Aidan (guitar), traces of John Frusciante, John Mayer and Jeff Buckley are evident in your guitar playing. Are you self-taught or did you take guitar lessons to develop your playing?
Aidan: They are for sure some of my biggest influences! I suppose I did both in a way; when I was a teenager, I took guitar lessons and at first learned rock, pop, blues and a little bit of jazz, before focusing on classical guitar for a few years.
While learning classical, I’d teach myself how to improvise from listening to the guitarists mentioned above, as well as other guitar players coming from a blues/soul/folk background.
Conall (drums) and TJ (bass) what are your respective musical backgrounds?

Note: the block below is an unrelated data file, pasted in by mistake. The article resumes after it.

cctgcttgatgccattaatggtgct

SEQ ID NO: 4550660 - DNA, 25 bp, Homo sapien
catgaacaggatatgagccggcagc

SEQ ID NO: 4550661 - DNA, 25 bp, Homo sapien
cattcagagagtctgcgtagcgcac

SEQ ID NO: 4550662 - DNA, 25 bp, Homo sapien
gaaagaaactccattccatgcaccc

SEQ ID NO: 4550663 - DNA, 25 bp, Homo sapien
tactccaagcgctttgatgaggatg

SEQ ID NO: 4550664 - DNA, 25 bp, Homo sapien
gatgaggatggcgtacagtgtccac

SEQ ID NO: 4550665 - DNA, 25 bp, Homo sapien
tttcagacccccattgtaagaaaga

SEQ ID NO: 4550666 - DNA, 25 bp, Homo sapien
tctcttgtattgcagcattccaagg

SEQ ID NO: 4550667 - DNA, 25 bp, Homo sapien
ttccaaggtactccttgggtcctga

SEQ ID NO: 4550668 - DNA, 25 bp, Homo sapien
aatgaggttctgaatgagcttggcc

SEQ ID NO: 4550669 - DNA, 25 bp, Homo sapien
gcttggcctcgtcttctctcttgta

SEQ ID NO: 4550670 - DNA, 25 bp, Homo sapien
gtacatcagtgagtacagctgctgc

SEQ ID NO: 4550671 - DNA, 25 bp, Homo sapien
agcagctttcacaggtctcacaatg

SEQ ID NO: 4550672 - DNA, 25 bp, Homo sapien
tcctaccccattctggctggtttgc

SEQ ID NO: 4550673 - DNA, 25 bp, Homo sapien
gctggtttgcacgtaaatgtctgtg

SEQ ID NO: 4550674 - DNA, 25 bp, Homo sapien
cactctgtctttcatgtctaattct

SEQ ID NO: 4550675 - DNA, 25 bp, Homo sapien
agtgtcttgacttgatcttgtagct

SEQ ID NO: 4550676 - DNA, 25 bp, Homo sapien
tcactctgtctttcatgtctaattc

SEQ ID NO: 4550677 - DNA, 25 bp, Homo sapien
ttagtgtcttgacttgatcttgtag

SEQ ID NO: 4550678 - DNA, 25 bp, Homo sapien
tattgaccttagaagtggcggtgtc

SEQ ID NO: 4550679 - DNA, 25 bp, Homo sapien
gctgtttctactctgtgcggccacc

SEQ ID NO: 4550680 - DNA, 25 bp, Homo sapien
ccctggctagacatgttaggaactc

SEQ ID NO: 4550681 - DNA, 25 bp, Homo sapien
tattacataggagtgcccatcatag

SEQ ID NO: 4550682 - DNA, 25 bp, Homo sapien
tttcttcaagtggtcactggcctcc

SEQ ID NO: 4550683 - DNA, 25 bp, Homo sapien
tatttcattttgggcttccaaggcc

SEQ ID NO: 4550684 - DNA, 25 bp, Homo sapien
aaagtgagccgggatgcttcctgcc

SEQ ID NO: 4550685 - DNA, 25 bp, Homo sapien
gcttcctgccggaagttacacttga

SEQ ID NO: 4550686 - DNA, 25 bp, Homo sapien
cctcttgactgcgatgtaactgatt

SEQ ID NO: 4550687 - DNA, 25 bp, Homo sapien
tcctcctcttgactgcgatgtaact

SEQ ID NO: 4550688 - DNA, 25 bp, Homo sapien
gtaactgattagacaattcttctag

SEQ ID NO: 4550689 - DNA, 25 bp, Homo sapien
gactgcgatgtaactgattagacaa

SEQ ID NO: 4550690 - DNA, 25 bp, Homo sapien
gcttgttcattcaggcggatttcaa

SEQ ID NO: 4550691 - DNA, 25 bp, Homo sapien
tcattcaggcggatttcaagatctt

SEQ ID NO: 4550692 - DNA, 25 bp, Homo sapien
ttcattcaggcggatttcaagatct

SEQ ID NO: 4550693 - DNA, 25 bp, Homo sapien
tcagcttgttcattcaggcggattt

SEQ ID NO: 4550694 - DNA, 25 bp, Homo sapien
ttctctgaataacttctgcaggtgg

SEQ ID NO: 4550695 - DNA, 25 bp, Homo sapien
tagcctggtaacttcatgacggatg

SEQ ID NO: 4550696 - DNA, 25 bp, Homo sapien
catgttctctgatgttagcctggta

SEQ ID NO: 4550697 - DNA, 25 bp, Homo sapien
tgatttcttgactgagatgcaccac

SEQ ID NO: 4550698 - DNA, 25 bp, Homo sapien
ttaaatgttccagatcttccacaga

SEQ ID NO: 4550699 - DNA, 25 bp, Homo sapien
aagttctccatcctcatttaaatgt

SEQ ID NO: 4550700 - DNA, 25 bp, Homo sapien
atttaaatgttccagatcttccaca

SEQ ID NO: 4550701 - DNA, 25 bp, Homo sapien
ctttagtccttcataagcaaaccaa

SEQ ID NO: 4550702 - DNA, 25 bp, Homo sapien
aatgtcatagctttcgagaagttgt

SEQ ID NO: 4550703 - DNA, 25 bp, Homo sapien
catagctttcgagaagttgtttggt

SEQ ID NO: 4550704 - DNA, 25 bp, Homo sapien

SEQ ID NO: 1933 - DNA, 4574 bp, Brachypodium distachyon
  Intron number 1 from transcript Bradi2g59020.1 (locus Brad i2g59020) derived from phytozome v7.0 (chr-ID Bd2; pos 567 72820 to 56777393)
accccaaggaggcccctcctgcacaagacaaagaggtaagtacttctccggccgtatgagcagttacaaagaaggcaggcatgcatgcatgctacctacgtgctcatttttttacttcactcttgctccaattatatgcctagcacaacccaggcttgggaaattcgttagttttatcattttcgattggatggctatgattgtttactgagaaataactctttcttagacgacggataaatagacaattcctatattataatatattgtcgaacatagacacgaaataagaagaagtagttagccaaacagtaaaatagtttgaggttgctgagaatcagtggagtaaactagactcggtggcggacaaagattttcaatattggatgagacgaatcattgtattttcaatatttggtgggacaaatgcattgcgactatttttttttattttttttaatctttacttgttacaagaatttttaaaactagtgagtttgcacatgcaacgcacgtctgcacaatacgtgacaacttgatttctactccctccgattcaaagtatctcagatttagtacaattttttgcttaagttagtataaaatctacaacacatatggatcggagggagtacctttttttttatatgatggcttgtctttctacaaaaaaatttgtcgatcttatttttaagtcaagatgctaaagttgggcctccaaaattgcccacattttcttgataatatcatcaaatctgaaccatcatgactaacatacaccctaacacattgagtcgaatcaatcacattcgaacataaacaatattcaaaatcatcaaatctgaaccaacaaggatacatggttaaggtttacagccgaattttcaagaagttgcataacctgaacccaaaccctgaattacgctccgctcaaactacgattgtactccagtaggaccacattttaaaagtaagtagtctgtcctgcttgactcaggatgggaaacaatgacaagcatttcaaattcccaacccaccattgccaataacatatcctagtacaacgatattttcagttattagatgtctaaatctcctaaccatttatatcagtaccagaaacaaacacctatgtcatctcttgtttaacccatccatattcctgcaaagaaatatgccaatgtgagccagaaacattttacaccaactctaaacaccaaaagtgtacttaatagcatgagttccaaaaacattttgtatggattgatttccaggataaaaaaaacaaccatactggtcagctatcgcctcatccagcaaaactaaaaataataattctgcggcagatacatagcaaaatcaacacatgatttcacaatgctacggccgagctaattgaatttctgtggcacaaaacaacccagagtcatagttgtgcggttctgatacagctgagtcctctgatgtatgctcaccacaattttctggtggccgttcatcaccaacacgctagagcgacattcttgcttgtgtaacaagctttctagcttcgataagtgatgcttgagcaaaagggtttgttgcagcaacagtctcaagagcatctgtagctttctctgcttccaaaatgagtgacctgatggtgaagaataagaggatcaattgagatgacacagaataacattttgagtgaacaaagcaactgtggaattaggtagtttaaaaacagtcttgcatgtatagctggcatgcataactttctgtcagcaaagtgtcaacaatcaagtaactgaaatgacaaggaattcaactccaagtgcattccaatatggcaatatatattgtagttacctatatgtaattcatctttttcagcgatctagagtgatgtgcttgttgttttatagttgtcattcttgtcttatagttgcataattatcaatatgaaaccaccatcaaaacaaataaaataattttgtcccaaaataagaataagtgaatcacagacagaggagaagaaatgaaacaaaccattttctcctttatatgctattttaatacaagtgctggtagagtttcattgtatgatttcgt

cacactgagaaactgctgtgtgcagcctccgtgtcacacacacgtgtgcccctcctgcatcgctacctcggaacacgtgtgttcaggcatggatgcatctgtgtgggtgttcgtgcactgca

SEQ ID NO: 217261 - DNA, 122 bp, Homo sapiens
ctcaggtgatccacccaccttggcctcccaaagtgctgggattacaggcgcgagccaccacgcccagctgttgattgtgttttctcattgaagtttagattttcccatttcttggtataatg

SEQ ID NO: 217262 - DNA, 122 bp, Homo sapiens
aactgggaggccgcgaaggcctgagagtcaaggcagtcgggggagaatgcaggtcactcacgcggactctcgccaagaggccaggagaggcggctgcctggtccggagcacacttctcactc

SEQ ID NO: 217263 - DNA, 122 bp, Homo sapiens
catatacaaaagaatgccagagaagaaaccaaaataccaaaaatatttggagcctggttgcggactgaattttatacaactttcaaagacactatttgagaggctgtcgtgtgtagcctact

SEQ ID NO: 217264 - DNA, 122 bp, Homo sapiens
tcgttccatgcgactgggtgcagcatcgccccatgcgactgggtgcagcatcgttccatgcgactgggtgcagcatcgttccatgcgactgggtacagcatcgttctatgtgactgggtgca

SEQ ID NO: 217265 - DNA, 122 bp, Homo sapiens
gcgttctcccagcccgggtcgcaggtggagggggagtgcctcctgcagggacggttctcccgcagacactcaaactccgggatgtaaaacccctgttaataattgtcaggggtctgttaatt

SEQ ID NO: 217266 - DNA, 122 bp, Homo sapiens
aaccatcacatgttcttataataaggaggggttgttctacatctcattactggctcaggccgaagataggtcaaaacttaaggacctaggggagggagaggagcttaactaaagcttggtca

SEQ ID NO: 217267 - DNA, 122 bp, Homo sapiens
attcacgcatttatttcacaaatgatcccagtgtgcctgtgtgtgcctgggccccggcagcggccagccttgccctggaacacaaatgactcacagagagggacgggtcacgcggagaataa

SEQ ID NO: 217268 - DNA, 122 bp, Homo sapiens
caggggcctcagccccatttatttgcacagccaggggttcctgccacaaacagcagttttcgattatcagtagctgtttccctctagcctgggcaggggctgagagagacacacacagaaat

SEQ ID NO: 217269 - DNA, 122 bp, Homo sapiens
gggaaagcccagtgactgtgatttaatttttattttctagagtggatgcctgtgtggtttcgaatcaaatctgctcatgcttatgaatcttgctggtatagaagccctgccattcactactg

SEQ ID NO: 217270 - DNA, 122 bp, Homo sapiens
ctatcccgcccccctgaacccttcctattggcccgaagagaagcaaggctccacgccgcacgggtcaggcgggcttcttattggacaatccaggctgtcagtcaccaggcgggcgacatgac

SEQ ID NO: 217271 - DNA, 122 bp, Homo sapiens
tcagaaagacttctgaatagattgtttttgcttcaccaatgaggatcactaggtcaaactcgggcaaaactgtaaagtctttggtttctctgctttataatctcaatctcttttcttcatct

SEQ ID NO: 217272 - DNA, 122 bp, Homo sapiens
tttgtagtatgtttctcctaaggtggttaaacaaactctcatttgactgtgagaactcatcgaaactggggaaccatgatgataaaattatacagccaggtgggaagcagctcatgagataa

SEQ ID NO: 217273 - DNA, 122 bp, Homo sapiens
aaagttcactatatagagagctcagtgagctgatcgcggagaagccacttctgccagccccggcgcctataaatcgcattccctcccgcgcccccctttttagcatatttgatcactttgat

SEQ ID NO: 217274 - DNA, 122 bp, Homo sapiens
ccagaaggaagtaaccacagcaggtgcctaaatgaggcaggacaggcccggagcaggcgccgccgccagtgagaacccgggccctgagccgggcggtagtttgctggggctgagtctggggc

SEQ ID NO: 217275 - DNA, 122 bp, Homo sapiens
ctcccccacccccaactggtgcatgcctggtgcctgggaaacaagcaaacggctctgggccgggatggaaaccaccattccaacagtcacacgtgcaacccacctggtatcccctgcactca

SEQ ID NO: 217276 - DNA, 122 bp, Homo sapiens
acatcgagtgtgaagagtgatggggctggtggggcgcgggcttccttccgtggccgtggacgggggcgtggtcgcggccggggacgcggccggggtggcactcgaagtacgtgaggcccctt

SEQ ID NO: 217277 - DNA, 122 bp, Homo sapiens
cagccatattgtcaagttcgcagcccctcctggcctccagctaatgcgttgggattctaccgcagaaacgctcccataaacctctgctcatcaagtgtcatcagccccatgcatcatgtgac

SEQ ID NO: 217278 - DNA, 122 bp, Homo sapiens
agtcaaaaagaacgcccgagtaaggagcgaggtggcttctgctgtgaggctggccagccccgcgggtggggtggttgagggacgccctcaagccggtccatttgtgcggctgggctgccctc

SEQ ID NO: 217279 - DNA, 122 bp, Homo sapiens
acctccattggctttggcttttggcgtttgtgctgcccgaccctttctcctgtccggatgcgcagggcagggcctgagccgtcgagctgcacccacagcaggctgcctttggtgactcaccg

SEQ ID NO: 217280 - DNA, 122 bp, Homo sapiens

TJ: As a bass player, I’m influenced by a lot of different genres and bass players but there are a few great bass players that come to mind. I’m really influenced by Motown session player James Jefferson. I’m a massive fan of John Paul Jones from Led Zeppelin, and of course Jack Bruce from Cream is a big inspiration.
Other bass players I love include Jerry Scheff and Larry Graham. I also play a lot of double bass and I’m really active in the Bluegrass scene here in Dublin.
Conall: Over the years playing drums with various bands around the Dublin music scene, you get exposed to all sorts of genres. Playing with the guys over the last number of years, we have really touched on many genres which all adds to our overall sound.
Some of the drummers I admire would be Stewart Copeland, John Dolmayan, Mick Fleetwood to name a few, as well as the great drum teachers I’ve had along the way.